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Kaoru Amano, Brian Wandell, Serge Dumoulin; The visual field maps in the human MT+ complex. Journal of Vision 2008;8(6):63. doi: 10.1167/8.6.63.
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© ARVO (1962-2015); The Authors (2016-present)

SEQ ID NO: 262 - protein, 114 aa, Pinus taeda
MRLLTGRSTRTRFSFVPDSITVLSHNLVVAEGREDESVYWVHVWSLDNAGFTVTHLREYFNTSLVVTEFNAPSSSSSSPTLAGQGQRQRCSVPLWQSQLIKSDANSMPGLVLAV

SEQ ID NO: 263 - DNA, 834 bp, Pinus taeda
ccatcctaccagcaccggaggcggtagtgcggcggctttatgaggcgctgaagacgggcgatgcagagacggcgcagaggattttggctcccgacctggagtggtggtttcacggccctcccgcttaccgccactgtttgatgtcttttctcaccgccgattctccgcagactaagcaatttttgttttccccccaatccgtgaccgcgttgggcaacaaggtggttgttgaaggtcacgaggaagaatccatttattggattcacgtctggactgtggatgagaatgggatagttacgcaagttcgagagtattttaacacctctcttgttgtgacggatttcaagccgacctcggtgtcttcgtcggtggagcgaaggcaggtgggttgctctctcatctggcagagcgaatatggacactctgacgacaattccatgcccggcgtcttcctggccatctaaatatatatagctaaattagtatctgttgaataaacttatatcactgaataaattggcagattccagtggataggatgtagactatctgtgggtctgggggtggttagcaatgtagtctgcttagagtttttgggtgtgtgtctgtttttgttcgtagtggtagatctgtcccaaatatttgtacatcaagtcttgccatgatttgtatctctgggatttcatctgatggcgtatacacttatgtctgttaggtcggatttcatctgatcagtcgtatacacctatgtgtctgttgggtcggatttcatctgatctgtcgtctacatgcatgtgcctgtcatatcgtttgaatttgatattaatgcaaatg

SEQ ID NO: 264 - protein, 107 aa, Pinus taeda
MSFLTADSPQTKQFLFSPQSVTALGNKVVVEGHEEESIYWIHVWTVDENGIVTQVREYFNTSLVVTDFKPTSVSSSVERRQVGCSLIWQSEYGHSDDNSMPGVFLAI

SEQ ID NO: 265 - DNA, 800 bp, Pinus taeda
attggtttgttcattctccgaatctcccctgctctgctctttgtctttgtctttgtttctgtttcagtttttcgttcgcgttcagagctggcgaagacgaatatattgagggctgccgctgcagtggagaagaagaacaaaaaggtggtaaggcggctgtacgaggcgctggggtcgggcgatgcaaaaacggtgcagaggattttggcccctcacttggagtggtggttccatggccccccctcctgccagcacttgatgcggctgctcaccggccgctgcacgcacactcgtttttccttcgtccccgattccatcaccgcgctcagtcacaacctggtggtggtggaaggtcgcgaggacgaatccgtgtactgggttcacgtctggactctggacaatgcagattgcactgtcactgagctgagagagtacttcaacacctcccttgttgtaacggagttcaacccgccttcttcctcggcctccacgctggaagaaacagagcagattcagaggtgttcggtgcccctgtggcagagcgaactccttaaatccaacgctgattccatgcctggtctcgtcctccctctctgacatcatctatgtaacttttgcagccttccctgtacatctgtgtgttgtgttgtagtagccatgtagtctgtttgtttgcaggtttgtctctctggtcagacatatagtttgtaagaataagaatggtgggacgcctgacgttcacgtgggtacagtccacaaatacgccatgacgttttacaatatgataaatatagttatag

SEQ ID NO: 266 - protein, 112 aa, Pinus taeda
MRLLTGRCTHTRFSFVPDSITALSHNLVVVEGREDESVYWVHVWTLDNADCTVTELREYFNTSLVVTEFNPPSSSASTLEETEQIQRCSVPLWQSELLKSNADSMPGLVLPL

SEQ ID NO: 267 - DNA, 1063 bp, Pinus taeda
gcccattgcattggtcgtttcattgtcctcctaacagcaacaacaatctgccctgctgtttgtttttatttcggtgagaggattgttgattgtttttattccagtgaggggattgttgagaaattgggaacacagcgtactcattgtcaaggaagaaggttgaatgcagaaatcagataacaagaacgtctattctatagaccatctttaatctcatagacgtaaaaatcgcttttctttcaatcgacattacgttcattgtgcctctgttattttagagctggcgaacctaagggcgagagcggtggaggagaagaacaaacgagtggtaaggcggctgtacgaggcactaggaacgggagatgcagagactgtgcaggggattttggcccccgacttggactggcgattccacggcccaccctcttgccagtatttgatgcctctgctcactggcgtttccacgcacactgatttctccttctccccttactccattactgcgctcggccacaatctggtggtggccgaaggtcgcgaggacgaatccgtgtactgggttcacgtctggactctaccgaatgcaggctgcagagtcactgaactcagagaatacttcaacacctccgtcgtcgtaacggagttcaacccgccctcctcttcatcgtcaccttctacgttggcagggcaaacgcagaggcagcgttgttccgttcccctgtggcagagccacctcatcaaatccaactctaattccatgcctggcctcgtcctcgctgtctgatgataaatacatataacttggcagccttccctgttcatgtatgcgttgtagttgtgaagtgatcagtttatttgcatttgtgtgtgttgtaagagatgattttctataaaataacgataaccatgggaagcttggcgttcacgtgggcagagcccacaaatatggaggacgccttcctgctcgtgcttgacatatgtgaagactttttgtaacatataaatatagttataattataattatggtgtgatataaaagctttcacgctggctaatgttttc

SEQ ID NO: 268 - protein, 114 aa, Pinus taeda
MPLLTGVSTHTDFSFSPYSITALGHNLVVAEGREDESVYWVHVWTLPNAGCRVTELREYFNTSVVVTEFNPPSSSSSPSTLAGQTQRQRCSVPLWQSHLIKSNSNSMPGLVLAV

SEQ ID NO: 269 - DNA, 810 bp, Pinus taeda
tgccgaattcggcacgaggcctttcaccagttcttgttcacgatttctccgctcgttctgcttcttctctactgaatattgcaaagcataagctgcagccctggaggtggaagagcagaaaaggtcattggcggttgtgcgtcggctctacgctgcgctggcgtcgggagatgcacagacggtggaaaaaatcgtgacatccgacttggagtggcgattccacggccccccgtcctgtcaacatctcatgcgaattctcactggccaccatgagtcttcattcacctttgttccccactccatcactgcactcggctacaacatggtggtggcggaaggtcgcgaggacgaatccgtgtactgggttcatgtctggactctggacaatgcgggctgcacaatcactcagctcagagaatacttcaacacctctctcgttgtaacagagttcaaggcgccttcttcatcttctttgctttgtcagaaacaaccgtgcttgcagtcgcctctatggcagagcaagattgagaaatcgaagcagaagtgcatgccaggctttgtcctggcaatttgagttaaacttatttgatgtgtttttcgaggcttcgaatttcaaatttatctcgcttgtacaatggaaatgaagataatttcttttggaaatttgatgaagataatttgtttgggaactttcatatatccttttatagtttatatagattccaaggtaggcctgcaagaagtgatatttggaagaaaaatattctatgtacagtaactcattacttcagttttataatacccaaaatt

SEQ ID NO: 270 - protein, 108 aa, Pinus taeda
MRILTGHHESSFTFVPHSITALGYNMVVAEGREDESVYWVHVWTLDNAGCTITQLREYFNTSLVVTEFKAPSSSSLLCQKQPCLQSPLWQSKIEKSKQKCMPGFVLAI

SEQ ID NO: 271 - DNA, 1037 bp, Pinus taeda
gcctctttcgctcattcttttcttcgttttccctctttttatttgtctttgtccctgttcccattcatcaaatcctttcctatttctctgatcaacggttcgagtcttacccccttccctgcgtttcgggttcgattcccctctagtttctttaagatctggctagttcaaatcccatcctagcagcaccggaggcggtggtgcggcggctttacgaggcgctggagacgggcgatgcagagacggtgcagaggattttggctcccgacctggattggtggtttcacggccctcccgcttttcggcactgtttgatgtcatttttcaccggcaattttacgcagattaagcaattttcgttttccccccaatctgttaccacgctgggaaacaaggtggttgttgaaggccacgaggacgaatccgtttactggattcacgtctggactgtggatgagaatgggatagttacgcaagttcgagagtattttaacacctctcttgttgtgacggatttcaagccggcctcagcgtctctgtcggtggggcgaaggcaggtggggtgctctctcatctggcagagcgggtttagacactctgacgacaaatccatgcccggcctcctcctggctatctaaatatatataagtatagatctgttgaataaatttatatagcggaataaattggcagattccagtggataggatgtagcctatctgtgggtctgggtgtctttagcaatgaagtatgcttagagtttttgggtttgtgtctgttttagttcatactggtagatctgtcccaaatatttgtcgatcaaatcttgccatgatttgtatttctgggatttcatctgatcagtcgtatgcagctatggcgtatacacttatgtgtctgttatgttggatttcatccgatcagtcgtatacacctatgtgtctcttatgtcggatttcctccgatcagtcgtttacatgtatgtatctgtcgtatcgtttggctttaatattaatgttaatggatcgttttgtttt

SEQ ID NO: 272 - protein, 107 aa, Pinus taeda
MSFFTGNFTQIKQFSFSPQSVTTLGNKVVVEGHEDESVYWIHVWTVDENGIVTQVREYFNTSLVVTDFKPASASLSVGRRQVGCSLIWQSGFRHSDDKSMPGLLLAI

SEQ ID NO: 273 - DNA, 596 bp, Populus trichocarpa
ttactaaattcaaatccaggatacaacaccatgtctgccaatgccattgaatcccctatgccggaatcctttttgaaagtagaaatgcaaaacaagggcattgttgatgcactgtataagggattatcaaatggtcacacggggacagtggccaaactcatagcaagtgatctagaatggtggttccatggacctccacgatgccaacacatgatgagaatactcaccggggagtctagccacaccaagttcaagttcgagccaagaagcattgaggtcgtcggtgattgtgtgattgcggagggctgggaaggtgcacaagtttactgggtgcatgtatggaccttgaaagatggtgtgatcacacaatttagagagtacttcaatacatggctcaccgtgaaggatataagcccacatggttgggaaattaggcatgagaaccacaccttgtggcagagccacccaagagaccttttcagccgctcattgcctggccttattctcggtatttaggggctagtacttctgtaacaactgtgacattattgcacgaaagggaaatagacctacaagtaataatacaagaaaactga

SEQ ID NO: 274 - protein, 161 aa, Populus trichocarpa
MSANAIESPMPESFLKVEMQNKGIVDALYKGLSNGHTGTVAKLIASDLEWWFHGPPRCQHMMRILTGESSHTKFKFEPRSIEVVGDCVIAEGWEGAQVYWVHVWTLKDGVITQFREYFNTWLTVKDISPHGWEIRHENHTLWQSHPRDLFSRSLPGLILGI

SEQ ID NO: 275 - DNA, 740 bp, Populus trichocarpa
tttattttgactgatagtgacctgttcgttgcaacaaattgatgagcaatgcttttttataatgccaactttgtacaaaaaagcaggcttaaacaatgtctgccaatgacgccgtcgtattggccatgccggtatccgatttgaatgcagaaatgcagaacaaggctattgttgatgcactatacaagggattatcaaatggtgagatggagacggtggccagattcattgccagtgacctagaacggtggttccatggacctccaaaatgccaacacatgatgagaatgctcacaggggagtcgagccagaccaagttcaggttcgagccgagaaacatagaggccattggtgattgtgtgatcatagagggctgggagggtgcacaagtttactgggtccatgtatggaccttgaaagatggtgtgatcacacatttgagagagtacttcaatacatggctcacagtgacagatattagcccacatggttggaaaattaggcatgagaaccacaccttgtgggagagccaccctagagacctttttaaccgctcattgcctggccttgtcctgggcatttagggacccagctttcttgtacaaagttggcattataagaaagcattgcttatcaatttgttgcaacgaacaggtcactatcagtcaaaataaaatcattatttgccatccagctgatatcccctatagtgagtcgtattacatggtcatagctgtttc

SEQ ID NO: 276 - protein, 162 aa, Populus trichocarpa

Purpose: Human motion-selective cortex (hMT+) is typically localized based on a functional selectivity to moving stimuli. This functional definition spans several visual field maps. Conventional retinotopic mapping techniques using rings and wedges identified one visual field map thought to be the homolog of MT (Huk et al, 2002); but mapping has not provided a clear characterization of neighboring regions. We applied the population receptive field (pRF) model-based method (Dumoulin and Wandell, 2008) to reveal visual field maps and estimate pRF size within the hMT+ region. Methods: Magnetic resonance images were acquired with a 3 T General Electric Signa scanner and an eight-channel coil (Nova Medical, Wilmington, MA) centered over the subject's occipital pole (voxel size 1.5mm isotropic). In addition to novel bar stimuli, we modified the conventional wedge and ring stimuli by inserted blank periods. These stimuli are more adept to reconstruct visual field maps with larger receptive fields like hMT+. Stimulus radius was 10 deg. Results: We found at least two visual field maps in hMT+, which we refer to as temporal occipital 1 (TO-1) and 2 (TO-2). This conservative nomenclature acknowledges uncertainties in the human-monkey homologies. TO-1 borders LO-2 and TO-2 is anterior to TO-1. The TO-1 polar angle map extends from the lower to the upper vertical meridian and reverses at TO-2. The maps share a foveal representation that is distinct from that of V1/V2/V3/LO-1/LO-2. TO-1/2 represent the contralateral hemifield. The pRF size of TO-2 (σ = 5–12 deg) is significantly larger than that of TO-1 (σ = 4–8 deg) over the measured eccentricity range (1–6 deg). Discussion: The two visual field maps match the general retinotopic and functional dissociation proposed by Huk et al. (2002) and Dukelow et al. (2001). The two maps probably correspond to macaque MT and MST (Rosa and Tweedale, 2006).
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